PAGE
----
Meltaway Bay

Meltaway Bay

Meltaway Bay


Cross Country Creek

Circling the perimeter of Blizzard Beach is Cross Country Creek. This slow-moving river is 3,000 feet in length and is perhaps the most relaxing activity available here. Located at various spots along the creek are seven entry/exit spots. It's here that you'll secure an inner tube and hop in for your thirty minute journey around the park. Note, you are not required to use an inner tube. You are free to traverse this waterway under your own power. Also, each entry point has a name so you can remember where you started (Flamingo, Manatee, Bunny, Polar Bear, Ice Gator, Penguin, and Reindeer).


Cross Country Creek Entrance/Exit

Cross Country Creek

Snow Making Machine

Cabin


Cross Country Creek does hold one surprise for unsuspecting guests. When you enter the cave, very cold water drips from the melting overhead ice.


Ice Cave


Tike's Peak


Tike's Peak Entrance


Tike's Peak was designed for the little ones. In fact, children must be under 48 inches to play here. This area includes scaled down versions of some of Blizzard Beach's other attractions. There are several water slides, a snow-castle, and various water features and pop-up jets. The water is very shallow in this area and barely covers your feet. There are a number of tables, chairs, and lounges for adults to relax in while their children play. Diaper-age children must wear Swim diapers. The pavement can get hot in this area so footwear is advisable.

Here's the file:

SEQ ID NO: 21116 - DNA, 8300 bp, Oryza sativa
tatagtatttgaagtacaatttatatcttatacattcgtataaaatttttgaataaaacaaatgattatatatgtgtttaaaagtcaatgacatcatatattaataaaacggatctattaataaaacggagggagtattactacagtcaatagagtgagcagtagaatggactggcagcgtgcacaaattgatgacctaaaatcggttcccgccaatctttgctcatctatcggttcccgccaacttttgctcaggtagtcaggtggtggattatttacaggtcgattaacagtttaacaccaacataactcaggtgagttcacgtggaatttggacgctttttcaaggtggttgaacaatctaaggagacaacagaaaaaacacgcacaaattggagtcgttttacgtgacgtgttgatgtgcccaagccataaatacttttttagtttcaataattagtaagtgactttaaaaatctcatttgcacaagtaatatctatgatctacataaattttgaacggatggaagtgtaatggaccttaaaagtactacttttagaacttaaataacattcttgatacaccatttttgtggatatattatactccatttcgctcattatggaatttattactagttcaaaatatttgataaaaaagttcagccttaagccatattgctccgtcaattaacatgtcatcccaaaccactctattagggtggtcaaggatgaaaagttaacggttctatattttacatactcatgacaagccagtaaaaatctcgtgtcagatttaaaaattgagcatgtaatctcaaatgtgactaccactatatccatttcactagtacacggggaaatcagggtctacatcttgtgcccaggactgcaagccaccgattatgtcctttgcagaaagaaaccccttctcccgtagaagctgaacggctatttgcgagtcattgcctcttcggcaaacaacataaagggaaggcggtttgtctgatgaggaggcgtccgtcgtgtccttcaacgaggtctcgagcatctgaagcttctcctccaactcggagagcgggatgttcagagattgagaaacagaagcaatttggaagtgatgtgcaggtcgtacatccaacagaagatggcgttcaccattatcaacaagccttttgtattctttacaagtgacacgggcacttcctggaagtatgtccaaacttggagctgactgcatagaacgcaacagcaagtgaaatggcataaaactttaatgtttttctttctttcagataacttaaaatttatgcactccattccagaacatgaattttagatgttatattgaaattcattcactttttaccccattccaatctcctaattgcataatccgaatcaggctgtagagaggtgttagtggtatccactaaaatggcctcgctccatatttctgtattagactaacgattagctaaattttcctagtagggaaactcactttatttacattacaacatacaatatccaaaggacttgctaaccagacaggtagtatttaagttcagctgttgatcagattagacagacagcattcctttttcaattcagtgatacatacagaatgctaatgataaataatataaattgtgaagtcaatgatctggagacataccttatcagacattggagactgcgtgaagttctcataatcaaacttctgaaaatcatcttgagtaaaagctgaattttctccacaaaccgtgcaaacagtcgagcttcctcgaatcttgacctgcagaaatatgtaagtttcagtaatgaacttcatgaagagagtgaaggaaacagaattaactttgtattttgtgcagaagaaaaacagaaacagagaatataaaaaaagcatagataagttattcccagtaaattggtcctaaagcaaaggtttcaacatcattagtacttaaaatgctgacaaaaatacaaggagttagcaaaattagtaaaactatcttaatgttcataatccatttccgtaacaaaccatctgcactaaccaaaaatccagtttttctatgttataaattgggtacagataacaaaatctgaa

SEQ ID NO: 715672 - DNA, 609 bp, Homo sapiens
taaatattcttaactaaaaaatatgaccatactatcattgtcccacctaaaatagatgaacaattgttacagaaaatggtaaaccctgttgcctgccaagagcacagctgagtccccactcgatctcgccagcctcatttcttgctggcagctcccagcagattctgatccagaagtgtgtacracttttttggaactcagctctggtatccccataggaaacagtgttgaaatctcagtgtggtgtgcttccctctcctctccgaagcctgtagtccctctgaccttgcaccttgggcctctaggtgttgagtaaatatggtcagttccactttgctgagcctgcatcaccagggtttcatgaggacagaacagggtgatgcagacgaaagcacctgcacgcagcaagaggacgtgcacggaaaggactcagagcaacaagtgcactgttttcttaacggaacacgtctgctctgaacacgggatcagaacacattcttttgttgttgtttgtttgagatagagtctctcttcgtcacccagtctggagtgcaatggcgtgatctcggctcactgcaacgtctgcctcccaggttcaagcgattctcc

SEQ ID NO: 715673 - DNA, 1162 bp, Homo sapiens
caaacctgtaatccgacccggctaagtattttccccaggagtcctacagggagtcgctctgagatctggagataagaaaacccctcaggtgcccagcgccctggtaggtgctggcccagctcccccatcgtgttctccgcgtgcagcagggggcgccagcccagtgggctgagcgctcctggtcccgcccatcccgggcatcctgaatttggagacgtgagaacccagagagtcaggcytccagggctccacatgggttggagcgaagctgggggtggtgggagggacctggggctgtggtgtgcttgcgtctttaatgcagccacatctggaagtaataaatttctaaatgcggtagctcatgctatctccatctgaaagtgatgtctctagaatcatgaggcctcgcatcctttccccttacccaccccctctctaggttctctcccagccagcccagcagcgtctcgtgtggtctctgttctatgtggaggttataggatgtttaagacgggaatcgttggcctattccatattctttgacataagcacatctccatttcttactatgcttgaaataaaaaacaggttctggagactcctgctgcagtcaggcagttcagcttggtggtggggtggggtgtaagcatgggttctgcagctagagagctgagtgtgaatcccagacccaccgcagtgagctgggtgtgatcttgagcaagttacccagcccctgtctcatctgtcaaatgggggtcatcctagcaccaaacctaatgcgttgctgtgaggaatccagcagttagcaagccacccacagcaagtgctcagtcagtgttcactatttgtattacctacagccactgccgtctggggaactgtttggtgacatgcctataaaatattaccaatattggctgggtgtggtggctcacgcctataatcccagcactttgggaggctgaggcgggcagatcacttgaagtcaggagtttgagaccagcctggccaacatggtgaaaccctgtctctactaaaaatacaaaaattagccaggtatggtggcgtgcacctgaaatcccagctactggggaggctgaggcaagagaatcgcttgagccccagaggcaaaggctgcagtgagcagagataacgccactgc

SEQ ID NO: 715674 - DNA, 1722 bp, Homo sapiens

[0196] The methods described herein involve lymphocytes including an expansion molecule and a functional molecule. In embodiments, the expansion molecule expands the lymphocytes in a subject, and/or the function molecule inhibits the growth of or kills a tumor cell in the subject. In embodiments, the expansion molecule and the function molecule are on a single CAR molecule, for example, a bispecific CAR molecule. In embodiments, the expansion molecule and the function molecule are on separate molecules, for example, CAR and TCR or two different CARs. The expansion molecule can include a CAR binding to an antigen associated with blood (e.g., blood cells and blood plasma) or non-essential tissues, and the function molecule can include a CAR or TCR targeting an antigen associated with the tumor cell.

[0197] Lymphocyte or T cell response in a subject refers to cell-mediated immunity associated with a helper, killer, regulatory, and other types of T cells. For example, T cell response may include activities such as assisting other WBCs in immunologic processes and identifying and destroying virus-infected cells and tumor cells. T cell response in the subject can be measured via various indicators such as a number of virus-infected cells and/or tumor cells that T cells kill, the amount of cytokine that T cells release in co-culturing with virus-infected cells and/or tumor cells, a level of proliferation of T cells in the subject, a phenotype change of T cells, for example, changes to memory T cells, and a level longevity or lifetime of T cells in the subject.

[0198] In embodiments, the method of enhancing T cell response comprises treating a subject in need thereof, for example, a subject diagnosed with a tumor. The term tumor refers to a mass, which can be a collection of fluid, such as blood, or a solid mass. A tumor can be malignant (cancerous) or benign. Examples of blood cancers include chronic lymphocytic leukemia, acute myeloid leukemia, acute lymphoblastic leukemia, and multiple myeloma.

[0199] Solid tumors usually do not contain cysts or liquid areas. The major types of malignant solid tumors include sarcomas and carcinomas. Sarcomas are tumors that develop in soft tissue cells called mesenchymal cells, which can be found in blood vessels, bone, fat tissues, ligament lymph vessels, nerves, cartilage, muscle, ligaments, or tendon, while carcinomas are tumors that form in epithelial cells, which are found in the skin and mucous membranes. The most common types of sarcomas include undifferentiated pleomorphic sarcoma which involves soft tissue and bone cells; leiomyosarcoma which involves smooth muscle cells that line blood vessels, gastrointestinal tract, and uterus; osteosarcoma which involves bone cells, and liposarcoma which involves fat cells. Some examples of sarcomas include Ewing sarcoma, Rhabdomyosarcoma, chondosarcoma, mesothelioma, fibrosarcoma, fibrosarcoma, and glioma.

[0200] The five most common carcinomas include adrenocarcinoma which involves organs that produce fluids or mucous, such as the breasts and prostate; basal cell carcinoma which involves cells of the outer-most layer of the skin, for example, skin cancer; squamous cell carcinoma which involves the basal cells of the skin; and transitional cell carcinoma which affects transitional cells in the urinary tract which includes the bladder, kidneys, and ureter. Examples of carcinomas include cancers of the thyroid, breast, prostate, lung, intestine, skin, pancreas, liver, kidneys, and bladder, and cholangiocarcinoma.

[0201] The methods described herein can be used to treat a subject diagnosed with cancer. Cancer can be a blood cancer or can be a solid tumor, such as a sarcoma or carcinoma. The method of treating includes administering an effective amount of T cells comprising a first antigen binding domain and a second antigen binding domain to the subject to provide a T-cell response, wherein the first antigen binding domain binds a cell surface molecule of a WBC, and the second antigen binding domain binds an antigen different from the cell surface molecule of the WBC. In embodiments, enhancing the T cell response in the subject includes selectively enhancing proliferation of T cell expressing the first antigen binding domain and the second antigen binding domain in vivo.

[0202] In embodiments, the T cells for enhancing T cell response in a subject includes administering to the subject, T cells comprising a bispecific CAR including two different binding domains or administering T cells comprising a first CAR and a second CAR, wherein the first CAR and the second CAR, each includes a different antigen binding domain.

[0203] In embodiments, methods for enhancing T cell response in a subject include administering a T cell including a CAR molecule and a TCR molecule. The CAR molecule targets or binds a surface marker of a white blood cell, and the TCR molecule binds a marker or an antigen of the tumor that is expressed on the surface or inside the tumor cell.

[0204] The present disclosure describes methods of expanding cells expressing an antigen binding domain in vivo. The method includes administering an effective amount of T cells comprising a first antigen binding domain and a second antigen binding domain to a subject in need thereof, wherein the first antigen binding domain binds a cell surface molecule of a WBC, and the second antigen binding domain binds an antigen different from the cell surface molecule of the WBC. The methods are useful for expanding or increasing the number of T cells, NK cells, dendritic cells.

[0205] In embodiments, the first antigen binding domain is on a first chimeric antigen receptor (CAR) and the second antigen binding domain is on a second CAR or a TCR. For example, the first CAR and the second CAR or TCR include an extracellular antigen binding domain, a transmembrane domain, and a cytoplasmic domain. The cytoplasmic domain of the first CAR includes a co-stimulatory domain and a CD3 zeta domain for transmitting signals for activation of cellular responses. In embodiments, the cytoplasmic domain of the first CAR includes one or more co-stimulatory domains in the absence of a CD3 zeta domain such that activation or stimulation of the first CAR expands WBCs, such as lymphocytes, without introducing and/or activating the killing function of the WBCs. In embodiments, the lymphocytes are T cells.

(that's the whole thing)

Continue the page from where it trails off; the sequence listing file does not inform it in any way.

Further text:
Note, the water at Tike's Peak is kept at a slightly higher temperature than the rest of the park.


Tike's Peak

Tike's Peak

Tike's Peak

Tike's Peak

Tike's Peak

Tike's Peak


Ski Patrol Training Camp


Ski Patrol Training Camp

Ski Patrol Training Camp


Ski Patrol Training Camp is for children too old or too tall for Tike's Peak, but who are not yet ready to experience the more challenging adventures of Blizzard Beach. There are a number of eye-appealing attractions here for preteens to enjoy.

Fahrenheit Drops